Plaintiff has no adequate remedy at law so long as Defendants continue to operate the Seller IDs because Plaintiff cannot control the quality of what appear to be its products in the marketplace. An award of monetary damages alone will not cure the injury to Plaintiff's reputation and goodwill if Defendants' infringing and counterfeiting continue. Moreover, Plaintiff faces hardship from loss of sales and its inability to control its reputation in the marketplace. By contrast, Defendants face no hardship if they are prohibited from the infringement of Plaintiff's trademarks. Finally, the public interest supports the issuance of a permanent injunction against Defendants to prevent consumers from being misled by Defendants' products and potentially harmed by their inferior quality. See Chanel, Inc. v. besumart.com, 240 F.Supp.3d 1283, 1291 (S.D. Fla. 2016) (“[A]n injunction to enjoin infringing behavior serves the public interest in protecting consumers from such behavior.” (citation omitted)); World Wrestling Entm't, Inc. v. Thomas, No. 12-21018, 2012 WL 12874190, at *8 (S.D. Fla. Apr. 11, 2012) (considering the potential for harm based on exposure to potentially hazardous counterfeit merchandise in analyzing public's interest in an injunction).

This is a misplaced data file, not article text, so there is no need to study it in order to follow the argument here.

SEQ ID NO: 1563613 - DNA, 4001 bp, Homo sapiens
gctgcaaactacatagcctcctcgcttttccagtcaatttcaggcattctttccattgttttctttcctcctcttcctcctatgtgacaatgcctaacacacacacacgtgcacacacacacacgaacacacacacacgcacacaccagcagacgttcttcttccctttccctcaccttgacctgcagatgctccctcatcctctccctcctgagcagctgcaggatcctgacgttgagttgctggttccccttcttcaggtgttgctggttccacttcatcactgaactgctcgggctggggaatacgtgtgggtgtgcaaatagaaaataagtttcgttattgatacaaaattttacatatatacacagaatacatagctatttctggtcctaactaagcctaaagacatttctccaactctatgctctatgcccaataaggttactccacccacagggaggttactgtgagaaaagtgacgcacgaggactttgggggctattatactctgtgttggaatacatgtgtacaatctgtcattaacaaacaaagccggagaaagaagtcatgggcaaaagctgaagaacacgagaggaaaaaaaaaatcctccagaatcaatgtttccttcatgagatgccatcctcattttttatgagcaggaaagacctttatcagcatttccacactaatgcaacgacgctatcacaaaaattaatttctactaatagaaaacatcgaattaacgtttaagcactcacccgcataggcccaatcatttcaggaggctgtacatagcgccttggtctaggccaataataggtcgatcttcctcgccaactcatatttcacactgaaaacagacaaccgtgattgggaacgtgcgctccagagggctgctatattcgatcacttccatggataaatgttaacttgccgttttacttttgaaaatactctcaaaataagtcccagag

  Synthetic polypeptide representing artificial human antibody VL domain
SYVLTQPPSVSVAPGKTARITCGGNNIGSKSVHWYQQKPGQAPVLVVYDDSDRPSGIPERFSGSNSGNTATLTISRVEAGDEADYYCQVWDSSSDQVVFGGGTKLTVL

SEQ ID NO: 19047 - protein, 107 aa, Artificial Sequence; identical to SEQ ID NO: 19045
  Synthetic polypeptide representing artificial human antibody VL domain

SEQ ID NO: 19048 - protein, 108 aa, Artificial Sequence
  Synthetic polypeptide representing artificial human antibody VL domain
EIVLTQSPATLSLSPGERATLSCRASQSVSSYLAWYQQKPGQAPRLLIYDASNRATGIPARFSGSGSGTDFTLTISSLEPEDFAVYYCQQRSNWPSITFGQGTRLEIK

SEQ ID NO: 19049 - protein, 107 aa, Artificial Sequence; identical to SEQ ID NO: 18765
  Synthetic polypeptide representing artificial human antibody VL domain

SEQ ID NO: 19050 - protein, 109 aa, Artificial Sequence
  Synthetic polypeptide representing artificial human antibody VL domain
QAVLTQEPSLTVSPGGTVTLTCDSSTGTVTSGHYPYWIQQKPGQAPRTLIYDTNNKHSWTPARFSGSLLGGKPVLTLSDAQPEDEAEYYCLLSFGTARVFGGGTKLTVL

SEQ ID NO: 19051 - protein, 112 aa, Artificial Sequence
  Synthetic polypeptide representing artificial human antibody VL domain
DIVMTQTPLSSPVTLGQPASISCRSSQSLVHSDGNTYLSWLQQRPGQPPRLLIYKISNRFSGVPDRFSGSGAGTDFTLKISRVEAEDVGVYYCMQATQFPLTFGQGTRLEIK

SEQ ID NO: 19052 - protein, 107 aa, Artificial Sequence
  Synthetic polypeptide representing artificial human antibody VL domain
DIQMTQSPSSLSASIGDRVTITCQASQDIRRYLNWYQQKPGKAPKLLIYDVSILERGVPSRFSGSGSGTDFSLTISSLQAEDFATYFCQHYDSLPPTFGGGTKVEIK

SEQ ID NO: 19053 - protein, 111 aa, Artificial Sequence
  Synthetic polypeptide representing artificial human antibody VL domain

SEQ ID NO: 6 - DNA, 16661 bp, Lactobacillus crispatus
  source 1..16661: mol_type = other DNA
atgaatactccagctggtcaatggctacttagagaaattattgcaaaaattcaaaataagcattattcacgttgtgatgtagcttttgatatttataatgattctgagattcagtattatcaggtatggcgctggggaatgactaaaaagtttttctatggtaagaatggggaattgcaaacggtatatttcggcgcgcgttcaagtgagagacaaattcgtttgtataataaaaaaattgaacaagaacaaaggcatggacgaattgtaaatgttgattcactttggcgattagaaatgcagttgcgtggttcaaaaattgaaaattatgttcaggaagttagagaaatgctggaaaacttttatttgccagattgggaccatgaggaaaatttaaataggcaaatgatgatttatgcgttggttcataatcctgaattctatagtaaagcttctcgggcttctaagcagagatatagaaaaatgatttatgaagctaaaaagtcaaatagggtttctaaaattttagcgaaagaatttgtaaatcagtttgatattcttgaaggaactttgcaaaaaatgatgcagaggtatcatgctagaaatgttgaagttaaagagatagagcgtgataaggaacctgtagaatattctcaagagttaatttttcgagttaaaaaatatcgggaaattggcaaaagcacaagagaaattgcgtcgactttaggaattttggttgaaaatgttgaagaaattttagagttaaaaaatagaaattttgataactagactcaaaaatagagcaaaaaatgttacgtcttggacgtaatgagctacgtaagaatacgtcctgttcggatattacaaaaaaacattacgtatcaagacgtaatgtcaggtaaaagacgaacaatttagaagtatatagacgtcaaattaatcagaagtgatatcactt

Broad equity powers allow the Court to fashion injunctive relief necessary to stop Defendants' infringing activities. See, e.g., Swann v. Charlotte-Mecklenburg Bd. of Educ., 402 U.S. 1, 15 (1971) (“Once a right and a violation have been shown, the scope of a district court's equitable powers to remedy past wrongs is broad, for . . . [t]he essence of equity jurisdiction has been the power of the Chancellor to do equity and to mould [sic] each decree to the necessities of the particular case.” (citation and internal quotation marks omitted)); United States v. Bausch & Lomb Optical Co., 321 U.S. 707, 724 (1944) (“Equity has power to eradicate the evils of a condemned scheme by prohibition of the use of admittedly valid parts of an invalid whole.”). District courts are expressly authorized to order the transfer or surrender of domain names in an in rem action against a domain name. See 15 U.S.C. §§ 1125(d)(1)(C), (d)(2). However, courts have not limited the remedy to that context. See, e.g., Philip Morris USA, Inc. v. Otamedia Ltd., 331 F.Supp.2d 228, 230 & n.2 (S.D.N.Y. 2004) (transferring Yesmoke.com domain name to plaintiff despite the fact the plaintiff did not own a trademark in the term “Yesmoke” and noting 15 U.S.C. section 1125 “neither states nor implies that an in rem action against the domain name constitutes the exclusive remedy for a plaintiff aggrieved by trademark violations in cyberspace”); Ford Motor Co. v. Cross, 441 F.Supp.2d 837, 853 (E.D. Mich. 2006) (ordering the defendants to disclose all other domain registrations held by them and to transfer registration of a particular domain name to plaintiff in part under authority of 15 U.S.C. section 1116(a)).